Neuroscientists play an integral part in culture but the public knows little about how science is done, who does it or why itâ€™s important. One consequence of opaque scientific work is the inability to see which individuals are conducting their research, their personal stories, and their motivations to help reveal the complexity of the nature we are imbued by. These images were captured with a compact large format camera using experimental New55 PN instant film. The opaqueness of the positive (left) represents the raw data collected by scientists on their quest to understand nature. The inverted negative (right) represents how scientists reveal nature through filtering data, beautifying imagery, and at times removing unwanted, but captured information. All scientists are part of the Department of Brain and Cognitive Sciences and the Picower Institute for Learning and Memory at the Massachusetts Institute of Technology.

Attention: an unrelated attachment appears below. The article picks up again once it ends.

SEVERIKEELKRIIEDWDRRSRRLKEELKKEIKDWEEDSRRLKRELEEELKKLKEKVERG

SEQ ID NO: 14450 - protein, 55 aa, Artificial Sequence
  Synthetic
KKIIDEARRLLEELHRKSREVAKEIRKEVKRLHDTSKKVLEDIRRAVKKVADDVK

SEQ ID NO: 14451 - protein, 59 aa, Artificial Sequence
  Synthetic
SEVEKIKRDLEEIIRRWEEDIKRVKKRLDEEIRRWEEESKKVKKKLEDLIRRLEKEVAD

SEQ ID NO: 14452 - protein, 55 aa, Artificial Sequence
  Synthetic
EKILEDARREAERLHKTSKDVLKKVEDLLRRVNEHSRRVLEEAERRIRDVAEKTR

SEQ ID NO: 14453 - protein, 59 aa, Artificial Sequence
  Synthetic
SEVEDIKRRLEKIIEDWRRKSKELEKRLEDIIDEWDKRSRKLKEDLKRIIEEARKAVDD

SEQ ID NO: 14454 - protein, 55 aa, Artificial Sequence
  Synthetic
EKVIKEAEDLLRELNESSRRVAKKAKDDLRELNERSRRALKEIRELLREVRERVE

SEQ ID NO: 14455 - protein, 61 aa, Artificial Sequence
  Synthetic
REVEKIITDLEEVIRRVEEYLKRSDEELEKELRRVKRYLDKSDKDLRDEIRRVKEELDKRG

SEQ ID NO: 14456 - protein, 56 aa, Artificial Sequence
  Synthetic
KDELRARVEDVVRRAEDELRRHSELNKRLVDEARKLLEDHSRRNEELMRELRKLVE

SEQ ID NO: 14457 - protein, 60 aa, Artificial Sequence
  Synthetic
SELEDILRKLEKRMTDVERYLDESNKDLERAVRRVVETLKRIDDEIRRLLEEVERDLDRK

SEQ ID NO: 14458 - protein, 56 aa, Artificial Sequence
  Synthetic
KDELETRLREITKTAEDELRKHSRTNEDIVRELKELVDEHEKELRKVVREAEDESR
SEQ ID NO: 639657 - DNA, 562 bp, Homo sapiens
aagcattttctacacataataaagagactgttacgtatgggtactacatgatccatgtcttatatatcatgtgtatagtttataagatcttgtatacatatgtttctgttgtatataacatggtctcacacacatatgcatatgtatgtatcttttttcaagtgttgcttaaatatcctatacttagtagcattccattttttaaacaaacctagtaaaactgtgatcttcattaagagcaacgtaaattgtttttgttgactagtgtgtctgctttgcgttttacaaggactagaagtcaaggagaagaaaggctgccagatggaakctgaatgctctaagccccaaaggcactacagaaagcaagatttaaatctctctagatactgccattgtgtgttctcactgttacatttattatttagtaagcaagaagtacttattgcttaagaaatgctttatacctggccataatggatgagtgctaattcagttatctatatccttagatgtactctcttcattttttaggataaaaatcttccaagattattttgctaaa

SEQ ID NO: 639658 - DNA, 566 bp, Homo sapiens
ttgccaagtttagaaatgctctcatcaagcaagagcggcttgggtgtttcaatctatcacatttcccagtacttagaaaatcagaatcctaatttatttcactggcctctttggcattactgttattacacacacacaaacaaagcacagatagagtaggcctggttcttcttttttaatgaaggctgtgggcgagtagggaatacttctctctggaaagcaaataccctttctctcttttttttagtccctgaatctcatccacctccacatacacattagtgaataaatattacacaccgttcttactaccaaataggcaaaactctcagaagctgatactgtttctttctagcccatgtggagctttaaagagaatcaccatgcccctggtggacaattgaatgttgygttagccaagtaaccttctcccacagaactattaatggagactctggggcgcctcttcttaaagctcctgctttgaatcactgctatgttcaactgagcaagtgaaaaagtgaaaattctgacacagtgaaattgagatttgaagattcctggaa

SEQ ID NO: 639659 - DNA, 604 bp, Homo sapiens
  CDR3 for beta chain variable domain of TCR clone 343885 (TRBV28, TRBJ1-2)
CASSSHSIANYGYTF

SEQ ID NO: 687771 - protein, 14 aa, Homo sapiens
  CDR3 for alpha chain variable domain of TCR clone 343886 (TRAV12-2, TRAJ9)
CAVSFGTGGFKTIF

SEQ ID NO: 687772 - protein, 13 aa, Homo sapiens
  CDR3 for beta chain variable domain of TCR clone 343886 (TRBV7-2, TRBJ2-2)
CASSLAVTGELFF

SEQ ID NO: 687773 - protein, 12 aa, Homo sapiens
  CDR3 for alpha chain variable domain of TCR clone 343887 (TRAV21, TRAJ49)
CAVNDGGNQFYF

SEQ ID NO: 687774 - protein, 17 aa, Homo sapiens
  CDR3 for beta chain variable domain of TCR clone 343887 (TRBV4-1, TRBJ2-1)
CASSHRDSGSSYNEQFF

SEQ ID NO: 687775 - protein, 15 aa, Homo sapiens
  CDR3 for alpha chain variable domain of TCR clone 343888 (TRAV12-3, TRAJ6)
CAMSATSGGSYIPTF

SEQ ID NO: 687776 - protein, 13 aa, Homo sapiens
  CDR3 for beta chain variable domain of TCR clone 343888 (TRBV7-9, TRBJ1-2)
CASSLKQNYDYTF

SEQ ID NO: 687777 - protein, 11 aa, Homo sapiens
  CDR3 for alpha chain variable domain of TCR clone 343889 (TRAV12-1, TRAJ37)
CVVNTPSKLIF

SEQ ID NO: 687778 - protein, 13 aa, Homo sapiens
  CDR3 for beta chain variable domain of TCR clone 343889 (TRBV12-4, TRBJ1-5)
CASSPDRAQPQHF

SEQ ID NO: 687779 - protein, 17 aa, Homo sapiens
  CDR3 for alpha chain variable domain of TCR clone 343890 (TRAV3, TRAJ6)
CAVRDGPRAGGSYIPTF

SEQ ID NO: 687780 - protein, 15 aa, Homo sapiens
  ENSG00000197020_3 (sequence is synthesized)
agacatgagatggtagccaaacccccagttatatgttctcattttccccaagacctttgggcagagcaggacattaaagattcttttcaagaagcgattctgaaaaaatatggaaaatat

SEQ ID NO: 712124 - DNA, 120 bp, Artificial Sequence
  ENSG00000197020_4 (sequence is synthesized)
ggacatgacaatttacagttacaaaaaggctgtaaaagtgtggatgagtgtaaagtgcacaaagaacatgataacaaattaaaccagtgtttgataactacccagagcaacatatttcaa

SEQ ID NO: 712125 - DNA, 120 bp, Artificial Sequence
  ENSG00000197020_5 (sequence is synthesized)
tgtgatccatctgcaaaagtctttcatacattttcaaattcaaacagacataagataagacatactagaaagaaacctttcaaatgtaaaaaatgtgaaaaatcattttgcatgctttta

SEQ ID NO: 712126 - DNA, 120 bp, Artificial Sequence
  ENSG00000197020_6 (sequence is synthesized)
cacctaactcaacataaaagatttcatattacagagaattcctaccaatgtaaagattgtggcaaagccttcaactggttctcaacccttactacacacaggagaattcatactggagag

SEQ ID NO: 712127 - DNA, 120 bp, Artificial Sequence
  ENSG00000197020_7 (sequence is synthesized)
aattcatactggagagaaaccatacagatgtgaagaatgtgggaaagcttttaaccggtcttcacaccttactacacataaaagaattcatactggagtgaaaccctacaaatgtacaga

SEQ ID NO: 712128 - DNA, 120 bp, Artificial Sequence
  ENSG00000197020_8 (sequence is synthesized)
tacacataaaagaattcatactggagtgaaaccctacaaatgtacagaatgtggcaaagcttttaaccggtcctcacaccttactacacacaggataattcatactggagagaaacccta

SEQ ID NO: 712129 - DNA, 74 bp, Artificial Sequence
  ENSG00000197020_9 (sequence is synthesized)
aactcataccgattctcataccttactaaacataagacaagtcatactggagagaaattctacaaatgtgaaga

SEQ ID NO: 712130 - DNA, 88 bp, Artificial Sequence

Dr. Joshua SariÃ±ana was born in San JosÃ©, California. He obtained his neuroscience degrees at the University of California, Los Angeles and in a Nobel Prize winning lab at the Massachusetts Institute of Technology (MIT). After MIT, SariÃ±ana became a research fellow at Harvard Medical School where he studied the computational processing of spatial navigation. SariÃ±ana is currently a fine arts photographer and writer. SariÃ±ana has had a solo exhibition at the Griffin Museum of Photography, shown at the Houston Center for Photography, Photoville, and the Center for Fine Art Photography. His work has been recognized by the Sony World Photography Awards, Communication Arts, PX3 Prix de la Photographie Paris, and the Head On Photo Awards. He is also the recipient of a Council for Arts at the Massachusetts Institute of Technology Grant. In addition, SariÃ±ana's work has been featured in The Guardian, Buzzfeed, The Huffington Post, and Time. His work has also been published in Silvershotz Magazine and one of his images was licensed for an iPhone 6 commercial ad. SariÃ±ana has published several articles on the intersection of photography, neuroscience including in the photography periodicals Donâ€™t Take Pictures and The Smart View. He has also been interviewed by several influential photography blogs as well as Vice Magazine. SariÃ±ana currently resides in Cambridge, Massachusetts.